Select which button you want to check by driving the 4 bit line to the desired channel, then read the MCU input. High = button not pressed. Low = button pressed.

Simple debounce algorithm is to only scan say 30x per second max.

schematic

simulate this circuit – Schematic created using CircuitLab

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  • \$\begingroup\$ Do you think I can use two CD54HCT151 multiplexers? \$\endgroup\$ – Tomáš M. Jan 10 '17 at 23:33
  • \$\begingroup\$ Well... you could... but then it gets complicated. You need to use SEL3 (the highest bit) to enable one HCT151 or the other HCT151. Then you have to combine the outputs of the two ICs to one MCU input, or use two MCU inputs. But sure, it's possible. \$\endgroup\$ – Vince Patron Jan 11 '17 at 1:52
  • \$\begingroup\$ Sorry for being dense, but how would I use SEL3 for that? Having one output which is just pulled to 5V on both, so I don't have to use the enable pin? \$\endgroup\$ – Tomáš M. Jan 11 '17 at 10:19
  • \$\begingroup\$ Oh right. You're right. You can drive both HCT151 with same 3 data bits, leave both enabled, and the output of each one can go to two MCU inputs. Yup, that will work well; just adds an extra pin, but will work perfectly. \$\endgroup\$ – Vince Patron Jan 11 '17 at 14:56
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If the common connection is floating, an approach using an output pin and an ADC would be to tie one switch input terminal the output pin and the common input to the ADC input. Then connect another switch input to ground and connect all the other switches to points on a string of eleven 1K resistors. If one needs low-power wakeup and the processor's ADC pin doesn't have weak pull-up that can be pulled low through about 3K of resistance, add a 100K pull-up to the ADC pin.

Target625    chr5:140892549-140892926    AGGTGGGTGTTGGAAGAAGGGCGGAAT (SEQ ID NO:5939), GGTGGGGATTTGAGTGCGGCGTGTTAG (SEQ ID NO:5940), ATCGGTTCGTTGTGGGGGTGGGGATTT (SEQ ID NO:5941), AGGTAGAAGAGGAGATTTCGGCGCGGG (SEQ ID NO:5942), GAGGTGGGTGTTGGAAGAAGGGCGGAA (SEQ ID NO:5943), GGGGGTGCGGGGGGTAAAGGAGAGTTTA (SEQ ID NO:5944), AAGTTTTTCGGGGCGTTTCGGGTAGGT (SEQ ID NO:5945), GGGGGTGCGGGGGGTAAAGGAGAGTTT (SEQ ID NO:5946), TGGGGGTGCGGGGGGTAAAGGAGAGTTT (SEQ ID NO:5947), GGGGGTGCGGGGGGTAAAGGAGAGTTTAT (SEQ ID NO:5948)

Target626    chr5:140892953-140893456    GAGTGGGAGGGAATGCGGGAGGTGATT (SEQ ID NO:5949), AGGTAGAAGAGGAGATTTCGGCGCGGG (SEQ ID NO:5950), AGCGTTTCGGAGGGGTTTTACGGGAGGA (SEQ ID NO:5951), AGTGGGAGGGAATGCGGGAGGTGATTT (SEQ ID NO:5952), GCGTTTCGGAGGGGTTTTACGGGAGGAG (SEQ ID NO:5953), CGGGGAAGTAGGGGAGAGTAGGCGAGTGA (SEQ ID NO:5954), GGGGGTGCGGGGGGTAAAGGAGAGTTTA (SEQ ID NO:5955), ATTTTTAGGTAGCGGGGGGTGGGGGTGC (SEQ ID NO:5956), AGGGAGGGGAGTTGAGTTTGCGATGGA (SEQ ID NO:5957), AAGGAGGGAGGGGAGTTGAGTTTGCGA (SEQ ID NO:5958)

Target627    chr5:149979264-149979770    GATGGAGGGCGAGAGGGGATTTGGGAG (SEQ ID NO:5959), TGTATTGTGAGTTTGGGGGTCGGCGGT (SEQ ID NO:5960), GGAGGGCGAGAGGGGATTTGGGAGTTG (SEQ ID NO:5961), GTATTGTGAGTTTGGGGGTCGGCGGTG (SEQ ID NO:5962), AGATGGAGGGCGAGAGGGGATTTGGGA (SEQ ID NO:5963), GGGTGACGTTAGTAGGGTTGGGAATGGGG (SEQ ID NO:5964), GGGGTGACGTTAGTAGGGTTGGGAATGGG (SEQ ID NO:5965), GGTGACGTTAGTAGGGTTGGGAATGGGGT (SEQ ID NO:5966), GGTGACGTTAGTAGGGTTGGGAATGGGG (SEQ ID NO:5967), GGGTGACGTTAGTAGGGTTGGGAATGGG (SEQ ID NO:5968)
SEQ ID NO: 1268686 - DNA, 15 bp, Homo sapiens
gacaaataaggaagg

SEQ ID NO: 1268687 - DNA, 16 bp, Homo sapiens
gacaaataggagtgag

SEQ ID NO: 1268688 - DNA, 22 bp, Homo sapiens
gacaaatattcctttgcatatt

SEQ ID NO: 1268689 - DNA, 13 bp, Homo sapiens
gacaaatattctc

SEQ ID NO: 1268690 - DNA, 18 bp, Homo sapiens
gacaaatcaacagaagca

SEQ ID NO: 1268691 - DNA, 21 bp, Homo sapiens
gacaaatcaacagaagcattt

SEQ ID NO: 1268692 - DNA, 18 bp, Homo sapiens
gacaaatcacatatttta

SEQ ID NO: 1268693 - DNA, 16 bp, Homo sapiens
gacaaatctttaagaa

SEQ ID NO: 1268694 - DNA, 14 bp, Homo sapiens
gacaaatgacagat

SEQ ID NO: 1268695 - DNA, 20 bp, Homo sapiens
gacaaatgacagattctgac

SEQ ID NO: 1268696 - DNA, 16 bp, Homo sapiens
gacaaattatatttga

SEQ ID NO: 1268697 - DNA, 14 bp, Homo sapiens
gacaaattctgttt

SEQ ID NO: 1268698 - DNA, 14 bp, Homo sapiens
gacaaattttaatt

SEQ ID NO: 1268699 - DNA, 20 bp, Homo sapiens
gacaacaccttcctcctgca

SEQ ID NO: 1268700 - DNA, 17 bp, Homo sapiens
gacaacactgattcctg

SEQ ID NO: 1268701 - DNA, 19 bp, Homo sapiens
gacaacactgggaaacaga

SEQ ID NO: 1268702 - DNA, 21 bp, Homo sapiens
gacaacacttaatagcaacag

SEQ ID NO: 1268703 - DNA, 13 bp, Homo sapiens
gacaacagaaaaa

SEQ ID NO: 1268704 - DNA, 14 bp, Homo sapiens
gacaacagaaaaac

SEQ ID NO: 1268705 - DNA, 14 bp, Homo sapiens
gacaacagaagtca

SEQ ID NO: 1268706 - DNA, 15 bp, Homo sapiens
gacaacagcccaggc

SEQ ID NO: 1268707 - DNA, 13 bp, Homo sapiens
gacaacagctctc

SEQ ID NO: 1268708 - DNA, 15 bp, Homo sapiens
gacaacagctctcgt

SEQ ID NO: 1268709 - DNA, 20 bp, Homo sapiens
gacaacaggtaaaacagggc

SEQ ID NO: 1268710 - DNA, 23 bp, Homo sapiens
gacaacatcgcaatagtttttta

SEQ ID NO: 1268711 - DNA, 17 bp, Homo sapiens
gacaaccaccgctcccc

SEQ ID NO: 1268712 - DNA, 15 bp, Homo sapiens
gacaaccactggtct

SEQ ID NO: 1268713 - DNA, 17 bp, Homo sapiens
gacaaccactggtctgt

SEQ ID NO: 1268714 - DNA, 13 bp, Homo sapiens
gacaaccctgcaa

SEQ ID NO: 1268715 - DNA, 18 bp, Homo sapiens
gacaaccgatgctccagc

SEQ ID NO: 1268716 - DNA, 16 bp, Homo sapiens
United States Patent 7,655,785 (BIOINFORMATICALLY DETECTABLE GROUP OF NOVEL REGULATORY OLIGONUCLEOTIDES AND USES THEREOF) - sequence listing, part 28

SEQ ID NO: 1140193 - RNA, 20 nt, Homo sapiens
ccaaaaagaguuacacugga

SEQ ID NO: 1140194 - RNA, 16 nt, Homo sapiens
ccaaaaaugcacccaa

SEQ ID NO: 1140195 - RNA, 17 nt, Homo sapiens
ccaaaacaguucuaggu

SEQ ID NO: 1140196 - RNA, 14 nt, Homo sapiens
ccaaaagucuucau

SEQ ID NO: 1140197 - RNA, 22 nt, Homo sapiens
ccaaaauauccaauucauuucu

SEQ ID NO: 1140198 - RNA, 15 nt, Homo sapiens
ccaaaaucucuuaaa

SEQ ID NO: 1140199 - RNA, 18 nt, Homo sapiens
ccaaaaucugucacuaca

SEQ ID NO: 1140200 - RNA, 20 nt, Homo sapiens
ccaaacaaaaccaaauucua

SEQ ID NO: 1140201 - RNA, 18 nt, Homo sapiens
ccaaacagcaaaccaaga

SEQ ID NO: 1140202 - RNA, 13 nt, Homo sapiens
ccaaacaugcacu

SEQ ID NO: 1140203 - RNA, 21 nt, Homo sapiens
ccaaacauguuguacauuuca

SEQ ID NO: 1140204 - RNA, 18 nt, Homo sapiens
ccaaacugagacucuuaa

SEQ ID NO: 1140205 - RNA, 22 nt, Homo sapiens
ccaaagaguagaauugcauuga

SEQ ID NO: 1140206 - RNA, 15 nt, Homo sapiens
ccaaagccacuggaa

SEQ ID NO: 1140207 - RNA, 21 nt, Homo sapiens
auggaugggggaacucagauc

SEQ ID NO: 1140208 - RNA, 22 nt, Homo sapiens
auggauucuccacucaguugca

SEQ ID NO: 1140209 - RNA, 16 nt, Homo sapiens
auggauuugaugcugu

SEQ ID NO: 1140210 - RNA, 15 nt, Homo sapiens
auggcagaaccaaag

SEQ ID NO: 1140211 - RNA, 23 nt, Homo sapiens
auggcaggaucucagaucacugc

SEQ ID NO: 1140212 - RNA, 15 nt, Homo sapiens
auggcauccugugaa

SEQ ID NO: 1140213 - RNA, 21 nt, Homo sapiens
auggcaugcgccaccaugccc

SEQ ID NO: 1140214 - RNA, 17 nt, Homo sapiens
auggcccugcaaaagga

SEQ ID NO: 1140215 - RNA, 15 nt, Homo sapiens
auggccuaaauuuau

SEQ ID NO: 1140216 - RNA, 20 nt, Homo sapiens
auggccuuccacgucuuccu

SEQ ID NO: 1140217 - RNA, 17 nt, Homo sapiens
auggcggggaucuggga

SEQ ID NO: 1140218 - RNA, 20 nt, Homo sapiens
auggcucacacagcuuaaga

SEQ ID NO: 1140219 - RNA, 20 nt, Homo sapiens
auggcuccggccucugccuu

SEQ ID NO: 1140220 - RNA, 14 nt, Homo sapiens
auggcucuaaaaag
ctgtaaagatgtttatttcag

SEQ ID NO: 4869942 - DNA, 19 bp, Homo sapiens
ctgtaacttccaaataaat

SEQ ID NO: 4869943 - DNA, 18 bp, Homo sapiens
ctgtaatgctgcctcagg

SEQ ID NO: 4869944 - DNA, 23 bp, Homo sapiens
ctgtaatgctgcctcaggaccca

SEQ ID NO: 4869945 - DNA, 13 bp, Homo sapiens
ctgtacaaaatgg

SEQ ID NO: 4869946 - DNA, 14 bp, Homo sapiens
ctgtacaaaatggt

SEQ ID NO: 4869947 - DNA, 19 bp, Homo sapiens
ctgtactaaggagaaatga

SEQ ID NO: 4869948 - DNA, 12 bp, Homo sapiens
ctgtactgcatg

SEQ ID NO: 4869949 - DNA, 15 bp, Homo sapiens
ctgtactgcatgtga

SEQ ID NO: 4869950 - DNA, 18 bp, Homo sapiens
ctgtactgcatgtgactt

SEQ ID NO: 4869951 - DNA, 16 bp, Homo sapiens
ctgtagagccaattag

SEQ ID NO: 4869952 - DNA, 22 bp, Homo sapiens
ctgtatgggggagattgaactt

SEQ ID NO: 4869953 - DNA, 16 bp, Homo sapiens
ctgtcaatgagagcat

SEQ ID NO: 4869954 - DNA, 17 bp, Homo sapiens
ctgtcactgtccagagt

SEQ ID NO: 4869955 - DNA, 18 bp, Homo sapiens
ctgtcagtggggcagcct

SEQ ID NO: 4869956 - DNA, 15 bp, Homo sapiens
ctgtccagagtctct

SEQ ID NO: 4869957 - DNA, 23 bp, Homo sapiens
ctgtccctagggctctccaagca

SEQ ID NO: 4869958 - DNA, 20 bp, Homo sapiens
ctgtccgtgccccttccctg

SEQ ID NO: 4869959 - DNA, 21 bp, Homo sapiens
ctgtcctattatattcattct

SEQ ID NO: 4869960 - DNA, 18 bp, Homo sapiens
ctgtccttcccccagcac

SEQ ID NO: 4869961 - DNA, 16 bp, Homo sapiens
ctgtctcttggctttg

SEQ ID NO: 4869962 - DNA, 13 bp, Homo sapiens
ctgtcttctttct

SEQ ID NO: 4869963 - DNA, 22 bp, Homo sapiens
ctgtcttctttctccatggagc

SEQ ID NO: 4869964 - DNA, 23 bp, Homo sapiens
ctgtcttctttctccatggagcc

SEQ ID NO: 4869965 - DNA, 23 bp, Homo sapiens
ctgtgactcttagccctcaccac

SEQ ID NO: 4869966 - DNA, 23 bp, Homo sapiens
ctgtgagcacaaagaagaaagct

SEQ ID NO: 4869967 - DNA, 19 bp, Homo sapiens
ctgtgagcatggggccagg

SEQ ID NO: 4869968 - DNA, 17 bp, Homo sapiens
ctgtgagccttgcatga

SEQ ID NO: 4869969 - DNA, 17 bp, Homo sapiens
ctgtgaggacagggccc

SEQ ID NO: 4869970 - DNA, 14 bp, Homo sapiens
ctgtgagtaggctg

When idle, ground the isolated I/O pin and set the other for weak pull-up. That pin will be pulled down if any button is pushed.

To find out which button is pushed, set the output to VDD and read the ADC (preferably with the pull-up disabled). The voltage will then indicate which pin is pressed. If the switch makes even halfway decent contact (e.g. 3K or less of resistance) the voltage should be largely independent of switch resistance.

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  • \$\begingroup\$ I do not have an output pin, the buttons are connected to ground directly \$\endgroup\$ – Tomáš M. Jan 10 '17 at 23:05